The Warren Centre welcomed the $1b investment in the Prime Minister’s Innovation Statement yesterday, but cautioned more is required to secure our place in the knowledge economy.
“The Warren Centre has long advocated for a complete innovation strategy, most recently in our Vision for a Nation paper and, while it is pleasing to see the significant number of our recommendations captured in the Innovation Statement, it doesn’t go far enough,” said Mr Ashley Brinson, Warren Centre Executive Director.
The statement is the first real step in combining previously fragmented parts of the innovation supply chain. Early chain activities, such as stable funding for research, linked with later stage start up activities, such as tax and investment concessions, are useful. However, these will only show value if data on intellectual property (IP) capture and conversion are part of research funding mechanisms. Underpinning this with technology, STEM education and encouraging greater participation from females, will give Australia’s future responsiveness a much needed boost.
“While this is a step forward, it is vital that Innovation and Science Australia has the long term funding and mandate to benchmark and respond to each of these factors,” said Mr Brinson, “and unfortunately there are some critical elements that are lacking.”
There is no funding in the package to create and capture intellectual property. Australia lags the world in IP creation and has lost considerable ground compared to the US, Japan, China and Germany with a 7% decline in patent applications in the period from 2002 to 2011.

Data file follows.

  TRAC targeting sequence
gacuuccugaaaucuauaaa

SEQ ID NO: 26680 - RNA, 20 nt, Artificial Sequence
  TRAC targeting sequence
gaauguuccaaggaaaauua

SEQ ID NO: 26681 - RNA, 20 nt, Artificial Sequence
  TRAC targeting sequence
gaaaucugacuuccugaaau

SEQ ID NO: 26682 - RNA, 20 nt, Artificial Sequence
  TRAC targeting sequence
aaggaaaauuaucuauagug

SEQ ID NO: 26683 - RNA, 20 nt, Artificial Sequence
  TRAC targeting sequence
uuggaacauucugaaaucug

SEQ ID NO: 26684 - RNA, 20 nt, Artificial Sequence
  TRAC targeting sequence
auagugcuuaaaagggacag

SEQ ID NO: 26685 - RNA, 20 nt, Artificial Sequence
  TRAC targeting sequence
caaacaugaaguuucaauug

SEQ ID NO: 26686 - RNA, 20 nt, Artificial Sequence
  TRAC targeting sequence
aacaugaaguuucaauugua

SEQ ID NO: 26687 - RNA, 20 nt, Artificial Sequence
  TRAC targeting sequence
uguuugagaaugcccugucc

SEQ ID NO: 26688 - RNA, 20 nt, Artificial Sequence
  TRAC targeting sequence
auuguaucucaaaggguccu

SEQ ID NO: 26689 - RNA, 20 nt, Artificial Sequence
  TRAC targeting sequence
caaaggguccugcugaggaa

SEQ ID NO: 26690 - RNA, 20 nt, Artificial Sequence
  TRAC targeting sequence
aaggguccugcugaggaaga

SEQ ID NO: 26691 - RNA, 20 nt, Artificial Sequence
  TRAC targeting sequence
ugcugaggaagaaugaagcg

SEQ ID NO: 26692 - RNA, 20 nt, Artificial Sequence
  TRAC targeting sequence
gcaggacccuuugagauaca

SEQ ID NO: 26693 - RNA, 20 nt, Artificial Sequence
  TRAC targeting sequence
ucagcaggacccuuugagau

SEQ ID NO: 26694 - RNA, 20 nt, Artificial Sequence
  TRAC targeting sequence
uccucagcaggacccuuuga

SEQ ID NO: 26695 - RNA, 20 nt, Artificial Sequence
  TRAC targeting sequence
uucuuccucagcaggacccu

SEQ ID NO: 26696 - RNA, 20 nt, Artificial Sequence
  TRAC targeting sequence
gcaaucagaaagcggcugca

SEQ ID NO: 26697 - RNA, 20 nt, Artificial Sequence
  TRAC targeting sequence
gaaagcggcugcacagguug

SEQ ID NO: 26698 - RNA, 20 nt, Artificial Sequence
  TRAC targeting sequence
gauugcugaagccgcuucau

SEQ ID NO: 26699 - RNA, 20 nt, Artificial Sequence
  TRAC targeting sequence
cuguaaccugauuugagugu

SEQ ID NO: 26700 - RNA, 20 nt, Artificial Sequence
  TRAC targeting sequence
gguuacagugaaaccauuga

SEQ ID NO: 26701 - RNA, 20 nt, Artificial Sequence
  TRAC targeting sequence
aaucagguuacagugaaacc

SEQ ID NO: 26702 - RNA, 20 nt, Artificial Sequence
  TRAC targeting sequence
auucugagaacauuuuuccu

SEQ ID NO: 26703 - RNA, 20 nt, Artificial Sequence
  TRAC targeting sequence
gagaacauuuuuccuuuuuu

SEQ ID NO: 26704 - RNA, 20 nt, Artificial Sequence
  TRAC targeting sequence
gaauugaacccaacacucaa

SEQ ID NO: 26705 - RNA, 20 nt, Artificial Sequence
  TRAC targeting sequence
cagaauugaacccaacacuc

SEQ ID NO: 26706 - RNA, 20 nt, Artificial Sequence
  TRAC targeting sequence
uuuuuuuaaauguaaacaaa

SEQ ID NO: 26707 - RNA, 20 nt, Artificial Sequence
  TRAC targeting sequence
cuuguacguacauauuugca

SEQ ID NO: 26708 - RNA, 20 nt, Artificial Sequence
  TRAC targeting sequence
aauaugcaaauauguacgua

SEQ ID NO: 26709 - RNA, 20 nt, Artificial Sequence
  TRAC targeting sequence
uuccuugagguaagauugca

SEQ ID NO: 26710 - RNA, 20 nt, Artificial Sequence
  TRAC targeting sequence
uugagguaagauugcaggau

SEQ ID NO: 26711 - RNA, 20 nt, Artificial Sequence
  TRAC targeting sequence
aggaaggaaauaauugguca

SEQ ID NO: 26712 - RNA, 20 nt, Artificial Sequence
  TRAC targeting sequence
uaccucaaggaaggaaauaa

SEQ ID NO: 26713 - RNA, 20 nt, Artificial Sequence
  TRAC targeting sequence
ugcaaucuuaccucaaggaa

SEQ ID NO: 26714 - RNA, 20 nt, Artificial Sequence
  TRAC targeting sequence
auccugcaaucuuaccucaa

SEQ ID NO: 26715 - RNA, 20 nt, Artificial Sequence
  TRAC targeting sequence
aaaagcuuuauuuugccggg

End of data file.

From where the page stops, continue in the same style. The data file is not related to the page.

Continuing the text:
Mr Brinson said that cyber security is an immediate threat to business opportunities in Asia, but funding a security research growth centre is insufficient to address Australia’s naivety on this issue. The announcement today that the Commonwealth Bank is providing $1.6m in partnership with UNSW to provide free on-line courses to build cyber security skills demonstrates just how desperate the skills shortage is.
“It is smart to acknowledge winners with elements like the biomedical translation fund and investments in quantum computing, but without a clear, funded and secure strategy to accelerate business in Asia, along with the necessary IP management, Australia will fail to retain value from these investments.”
“Without the IP and technology protection strategies to close the loop on innovation opportunities, it’s like taking all of our bait and throwing it into the ocean without a hook and line to reel in the catch.”
Download the full press release (PDF, 456kB)
Download our Vision For a Nation paper (PDF, 4.7MB)
Ashley Brinson, Executive Director, The Warren Centre
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